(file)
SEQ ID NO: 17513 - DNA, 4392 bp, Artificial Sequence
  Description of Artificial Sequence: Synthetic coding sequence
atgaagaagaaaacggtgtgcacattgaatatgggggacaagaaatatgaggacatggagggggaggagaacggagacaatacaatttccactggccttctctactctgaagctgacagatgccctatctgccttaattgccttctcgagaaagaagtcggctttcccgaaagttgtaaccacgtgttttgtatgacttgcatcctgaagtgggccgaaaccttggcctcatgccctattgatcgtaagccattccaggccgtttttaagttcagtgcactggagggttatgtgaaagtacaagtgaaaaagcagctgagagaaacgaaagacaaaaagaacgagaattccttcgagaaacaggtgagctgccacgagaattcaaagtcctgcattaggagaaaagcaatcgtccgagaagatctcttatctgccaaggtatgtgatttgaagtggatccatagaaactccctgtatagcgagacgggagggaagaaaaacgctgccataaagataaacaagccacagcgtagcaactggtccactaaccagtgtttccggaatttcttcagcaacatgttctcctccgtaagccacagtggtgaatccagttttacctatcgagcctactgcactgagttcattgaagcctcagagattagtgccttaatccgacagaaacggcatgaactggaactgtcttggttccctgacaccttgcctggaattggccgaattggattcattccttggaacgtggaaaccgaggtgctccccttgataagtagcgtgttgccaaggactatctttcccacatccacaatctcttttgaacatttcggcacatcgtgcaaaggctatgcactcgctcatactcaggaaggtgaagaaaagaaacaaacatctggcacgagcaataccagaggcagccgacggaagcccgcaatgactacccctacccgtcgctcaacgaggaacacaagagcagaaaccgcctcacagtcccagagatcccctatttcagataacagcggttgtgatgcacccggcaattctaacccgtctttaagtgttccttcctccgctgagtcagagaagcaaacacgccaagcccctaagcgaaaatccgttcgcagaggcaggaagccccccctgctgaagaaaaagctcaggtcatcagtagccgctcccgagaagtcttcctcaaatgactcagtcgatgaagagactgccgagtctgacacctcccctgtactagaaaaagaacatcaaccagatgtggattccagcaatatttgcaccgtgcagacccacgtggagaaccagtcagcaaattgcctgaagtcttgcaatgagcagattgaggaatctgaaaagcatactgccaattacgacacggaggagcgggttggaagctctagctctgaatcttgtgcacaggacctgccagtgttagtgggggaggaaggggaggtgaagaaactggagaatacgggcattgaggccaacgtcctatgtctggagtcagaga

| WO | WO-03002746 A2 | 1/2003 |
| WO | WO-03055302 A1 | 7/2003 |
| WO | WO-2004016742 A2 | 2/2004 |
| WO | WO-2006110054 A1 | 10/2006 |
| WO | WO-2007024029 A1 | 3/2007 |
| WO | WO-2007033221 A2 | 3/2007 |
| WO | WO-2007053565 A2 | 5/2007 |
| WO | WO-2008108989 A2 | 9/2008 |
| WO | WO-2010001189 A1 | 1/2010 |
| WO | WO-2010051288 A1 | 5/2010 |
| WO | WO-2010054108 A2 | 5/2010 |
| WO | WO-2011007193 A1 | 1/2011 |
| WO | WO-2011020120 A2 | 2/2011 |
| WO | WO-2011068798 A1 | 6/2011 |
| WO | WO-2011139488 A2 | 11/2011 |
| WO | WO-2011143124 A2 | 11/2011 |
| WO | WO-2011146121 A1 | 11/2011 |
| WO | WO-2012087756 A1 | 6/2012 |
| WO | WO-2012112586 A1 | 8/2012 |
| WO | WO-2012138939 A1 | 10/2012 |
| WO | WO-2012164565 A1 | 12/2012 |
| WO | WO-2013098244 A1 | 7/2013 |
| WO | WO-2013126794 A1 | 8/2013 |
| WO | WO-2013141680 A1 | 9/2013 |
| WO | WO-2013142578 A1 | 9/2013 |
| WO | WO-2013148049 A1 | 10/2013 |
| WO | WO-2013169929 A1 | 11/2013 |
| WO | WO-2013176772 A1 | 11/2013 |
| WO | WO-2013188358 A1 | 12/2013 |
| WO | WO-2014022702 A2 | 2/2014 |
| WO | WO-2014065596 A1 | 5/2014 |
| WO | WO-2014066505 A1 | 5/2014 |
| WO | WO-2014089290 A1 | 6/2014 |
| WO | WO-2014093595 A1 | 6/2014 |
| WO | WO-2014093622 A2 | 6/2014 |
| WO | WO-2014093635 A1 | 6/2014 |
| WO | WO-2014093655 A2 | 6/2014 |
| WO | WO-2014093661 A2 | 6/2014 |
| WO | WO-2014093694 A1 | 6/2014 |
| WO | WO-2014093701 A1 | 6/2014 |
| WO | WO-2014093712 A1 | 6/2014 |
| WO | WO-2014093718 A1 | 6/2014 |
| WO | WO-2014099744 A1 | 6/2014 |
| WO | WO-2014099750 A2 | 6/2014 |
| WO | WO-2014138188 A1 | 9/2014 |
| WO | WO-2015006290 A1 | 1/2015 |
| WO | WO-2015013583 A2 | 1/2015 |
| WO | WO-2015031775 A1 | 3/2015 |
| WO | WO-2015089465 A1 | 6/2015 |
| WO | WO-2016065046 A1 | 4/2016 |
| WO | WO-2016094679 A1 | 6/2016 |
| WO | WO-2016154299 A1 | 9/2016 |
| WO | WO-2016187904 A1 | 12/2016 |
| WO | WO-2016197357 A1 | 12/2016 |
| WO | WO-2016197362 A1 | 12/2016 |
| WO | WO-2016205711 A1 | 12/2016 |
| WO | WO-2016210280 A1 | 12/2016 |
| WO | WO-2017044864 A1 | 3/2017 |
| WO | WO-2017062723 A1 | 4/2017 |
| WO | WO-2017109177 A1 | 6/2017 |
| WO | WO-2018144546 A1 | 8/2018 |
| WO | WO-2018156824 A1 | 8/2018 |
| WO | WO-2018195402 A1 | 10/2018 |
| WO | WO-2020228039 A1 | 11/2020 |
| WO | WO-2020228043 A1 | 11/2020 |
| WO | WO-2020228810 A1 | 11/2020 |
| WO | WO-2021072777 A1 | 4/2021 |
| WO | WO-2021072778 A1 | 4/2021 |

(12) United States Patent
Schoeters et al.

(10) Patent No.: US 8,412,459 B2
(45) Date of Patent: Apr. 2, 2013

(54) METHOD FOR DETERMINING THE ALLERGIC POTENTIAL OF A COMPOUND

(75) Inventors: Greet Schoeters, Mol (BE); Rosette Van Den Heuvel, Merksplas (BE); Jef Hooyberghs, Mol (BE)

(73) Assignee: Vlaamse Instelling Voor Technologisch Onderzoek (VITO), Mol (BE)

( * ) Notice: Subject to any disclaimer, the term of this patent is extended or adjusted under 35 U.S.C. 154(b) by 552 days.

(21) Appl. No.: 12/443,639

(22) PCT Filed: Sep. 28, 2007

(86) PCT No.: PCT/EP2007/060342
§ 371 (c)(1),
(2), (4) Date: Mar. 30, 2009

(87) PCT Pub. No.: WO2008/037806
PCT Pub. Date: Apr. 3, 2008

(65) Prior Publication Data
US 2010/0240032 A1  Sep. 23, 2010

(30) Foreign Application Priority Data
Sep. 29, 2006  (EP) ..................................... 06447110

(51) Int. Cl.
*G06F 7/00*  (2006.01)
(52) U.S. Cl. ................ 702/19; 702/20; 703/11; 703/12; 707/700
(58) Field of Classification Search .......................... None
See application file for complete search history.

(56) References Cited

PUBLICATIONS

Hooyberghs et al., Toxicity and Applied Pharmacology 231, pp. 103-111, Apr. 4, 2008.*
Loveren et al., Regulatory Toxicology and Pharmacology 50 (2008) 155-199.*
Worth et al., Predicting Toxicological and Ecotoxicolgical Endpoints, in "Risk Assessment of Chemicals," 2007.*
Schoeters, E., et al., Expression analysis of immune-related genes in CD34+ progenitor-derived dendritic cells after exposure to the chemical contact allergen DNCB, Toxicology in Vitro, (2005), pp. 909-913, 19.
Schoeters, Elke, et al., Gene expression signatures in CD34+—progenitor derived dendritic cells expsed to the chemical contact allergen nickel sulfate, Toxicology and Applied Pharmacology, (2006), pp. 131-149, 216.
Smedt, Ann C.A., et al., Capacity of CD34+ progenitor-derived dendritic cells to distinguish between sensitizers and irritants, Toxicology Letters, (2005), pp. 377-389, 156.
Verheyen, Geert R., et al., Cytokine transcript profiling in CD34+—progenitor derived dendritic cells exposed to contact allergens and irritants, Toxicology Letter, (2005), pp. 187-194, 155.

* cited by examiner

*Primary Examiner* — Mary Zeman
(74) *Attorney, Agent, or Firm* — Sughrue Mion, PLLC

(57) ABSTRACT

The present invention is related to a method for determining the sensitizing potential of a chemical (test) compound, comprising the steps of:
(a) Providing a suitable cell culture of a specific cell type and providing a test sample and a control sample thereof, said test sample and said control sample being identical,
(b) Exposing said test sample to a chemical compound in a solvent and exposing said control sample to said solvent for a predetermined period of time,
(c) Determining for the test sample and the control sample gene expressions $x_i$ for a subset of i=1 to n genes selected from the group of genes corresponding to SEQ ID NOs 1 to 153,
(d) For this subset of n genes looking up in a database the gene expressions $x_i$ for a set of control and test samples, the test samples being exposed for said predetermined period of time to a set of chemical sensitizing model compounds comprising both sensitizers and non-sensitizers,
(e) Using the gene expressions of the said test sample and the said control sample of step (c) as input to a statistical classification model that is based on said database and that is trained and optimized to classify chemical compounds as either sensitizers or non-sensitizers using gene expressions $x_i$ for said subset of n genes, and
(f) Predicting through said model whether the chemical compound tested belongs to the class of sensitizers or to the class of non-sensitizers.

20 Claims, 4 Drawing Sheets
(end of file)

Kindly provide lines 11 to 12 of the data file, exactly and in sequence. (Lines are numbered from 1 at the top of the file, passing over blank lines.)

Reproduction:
| WO | WO-2008108989 A2 | 9/2008 |
| WO | WO-2010001189 A1 | 1/2010 |